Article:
The word law in the foregoing expressions has been rendered by nomos, with or without the article, in the Septuagint version. The New Testament refers to the Mosaic law in various ways: the law (Matt. 5:17; Rom. 2:12; etc.); the law of Moses (Luke 2:22; 24:44; Acts 28:23); the book of Moses (Mark 12:26); or simply, Moses (Luke 24:2; Acts 15:21). Even the Talmud and the older Rabbinic writings call the first part of the Bible the book of the law, while in Aramaic it is simply termed law (cf. Buxtorf, “Lexicon Chaldaicum Talmudicum Rabbinicum,” 791, 983; Levy, “Chaldaisches Worterbuch,” 268, 16; Aicher, “Das Alte Testament in der Mischna,” Freiburg, 1906, p. 16).

The Greek name pentateuchos, implying a division of the law into five parts, occurs for the first time about A.D. 150-75 in the letter to Flora by the Valentinian Ptolemy (cf. St. Epiphan., “Haer.,” XXXIII, iv; P.G. XLI, 560). An earlier occurrence of the name was supposed to exist in a passage of Hippolytus where the Psalter is called kai auto allon pentateuchon (cf. edition of de Lagarde, Leipzig and London, 1858 p. 193); but the passage has been found to belong to Epiphanius (cf. “Hippolytus” in “Die griechischen Schriftsteller der ersten drei Jahrhunderte,” Leipzig, 1897, t. I, 143). Origen uses the name (Comment. in Ev. Jo., t. II; P.G. XIV, 192; cf. P.G. XIII, 444), as does St. Athanasius (Ep. ad Marcellin., 5; P.G. 27: 12), and, several times, St. Epiphanius (De mensur. et ponderib., 4, 6; P.G. XLIII, 244). In Latin, Tertulian uses the masculine form Pentateuchus (Adv. Marcion., I, 10; P.L. II, 257), while Isidore of Seville prefers the neuter Pentateuchum (Etym., VI 2:1, 2; P.L. LXXXII, 230). The analogous forms Octateuch, Heptateuch, and Hexateuch have been used to refer to the first, eight, seven, and six books of the Bible respectively. The Rabbinic writers adopted the expression “the five-fifths of the law” or simply “the five-fifths” to denote the five books of the Pentateuch.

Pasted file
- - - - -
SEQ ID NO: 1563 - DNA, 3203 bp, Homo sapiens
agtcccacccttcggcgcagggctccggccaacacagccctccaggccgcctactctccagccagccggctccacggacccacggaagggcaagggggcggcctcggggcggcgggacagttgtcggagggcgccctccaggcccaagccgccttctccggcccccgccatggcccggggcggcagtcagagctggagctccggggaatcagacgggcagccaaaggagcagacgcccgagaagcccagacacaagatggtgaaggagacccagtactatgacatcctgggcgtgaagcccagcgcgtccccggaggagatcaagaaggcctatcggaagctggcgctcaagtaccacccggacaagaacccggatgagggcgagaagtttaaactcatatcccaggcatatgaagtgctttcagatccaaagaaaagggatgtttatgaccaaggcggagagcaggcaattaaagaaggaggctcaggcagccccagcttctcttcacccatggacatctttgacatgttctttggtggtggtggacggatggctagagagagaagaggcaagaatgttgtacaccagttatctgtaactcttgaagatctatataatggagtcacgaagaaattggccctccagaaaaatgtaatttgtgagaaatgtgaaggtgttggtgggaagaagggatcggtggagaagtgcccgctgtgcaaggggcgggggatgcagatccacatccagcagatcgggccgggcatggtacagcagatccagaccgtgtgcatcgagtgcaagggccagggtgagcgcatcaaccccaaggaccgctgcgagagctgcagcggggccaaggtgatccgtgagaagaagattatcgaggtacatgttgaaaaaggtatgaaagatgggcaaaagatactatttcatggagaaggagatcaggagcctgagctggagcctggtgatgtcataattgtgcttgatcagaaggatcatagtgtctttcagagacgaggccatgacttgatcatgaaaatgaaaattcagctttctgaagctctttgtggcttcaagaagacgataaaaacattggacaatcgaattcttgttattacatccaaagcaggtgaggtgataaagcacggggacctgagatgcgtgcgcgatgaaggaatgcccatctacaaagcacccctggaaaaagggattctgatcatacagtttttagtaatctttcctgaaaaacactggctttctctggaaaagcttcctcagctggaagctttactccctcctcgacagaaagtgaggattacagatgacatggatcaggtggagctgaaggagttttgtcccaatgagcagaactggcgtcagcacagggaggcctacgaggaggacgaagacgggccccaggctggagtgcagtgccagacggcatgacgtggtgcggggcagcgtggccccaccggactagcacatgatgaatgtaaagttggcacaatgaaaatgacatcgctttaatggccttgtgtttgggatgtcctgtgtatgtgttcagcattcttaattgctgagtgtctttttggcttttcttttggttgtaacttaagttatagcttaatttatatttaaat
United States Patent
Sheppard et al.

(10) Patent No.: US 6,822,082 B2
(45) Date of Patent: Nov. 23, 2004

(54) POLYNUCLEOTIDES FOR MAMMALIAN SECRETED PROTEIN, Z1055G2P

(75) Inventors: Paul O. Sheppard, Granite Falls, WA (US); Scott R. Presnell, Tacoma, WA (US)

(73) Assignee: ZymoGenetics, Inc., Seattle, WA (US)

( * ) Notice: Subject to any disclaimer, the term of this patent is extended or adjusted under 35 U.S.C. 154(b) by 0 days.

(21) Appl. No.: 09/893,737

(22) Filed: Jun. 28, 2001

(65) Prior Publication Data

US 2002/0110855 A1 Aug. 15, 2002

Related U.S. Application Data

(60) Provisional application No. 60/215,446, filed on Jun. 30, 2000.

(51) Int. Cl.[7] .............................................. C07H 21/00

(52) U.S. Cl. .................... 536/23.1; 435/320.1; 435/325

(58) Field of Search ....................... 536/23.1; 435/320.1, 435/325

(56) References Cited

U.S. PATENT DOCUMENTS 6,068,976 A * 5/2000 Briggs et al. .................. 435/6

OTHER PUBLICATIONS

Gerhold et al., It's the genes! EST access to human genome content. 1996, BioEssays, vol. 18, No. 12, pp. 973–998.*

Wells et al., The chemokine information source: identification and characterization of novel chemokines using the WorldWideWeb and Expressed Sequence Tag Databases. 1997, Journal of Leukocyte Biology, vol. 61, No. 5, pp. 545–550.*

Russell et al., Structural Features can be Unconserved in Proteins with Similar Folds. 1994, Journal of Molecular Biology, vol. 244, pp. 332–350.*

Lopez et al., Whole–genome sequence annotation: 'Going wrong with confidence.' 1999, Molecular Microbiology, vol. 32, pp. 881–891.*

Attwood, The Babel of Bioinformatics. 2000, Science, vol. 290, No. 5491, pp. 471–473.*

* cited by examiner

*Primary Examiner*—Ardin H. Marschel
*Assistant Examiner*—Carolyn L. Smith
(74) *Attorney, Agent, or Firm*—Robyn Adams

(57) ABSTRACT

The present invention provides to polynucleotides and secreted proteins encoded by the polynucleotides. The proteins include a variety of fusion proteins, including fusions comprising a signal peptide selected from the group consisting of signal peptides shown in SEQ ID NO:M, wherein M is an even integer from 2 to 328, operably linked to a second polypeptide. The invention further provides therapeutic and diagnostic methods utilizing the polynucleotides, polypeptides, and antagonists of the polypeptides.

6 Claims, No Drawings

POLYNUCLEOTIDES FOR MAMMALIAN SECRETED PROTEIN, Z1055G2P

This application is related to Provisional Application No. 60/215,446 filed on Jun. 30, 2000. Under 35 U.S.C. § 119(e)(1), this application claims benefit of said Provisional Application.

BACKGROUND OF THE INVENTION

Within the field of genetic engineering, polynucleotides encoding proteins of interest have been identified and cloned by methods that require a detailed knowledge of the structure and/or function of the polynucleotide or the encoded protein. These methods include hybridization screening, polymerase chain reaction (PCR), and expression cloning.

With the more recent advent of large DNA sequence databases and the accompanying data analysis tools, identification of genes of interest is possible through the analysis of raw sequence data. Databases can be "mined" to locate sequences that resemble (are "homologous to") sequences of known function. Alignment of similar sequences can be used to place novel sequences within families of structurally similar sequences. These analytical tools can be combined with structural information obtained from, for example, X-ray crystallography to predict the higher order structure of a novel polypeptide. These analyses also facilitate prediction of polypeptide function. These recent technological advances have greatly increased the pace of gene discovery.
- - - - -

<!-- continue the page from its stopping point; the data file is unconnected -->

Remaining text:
Both the Palestinian and the Alexandrian Jews had distinct names for each of the five books of the Pentateuch. In Palestine, the opening words of the several books served as their titles; hence we have the names: bereshith, we'elleh shemoth or simply shemoth, wayyiqra, wayedhabber, and elleh haddebarim or simply debarim. Though these were the ordinary Hebrew titles of the successive Pentateuchal books, certain Rabbinic writers denote the last three according to their contents; they called the third book torath kohanim, or law of priests; the fourth, homesh happiqqudhim, or book of census; the fifth, mishneh thorah, or repetition of the law.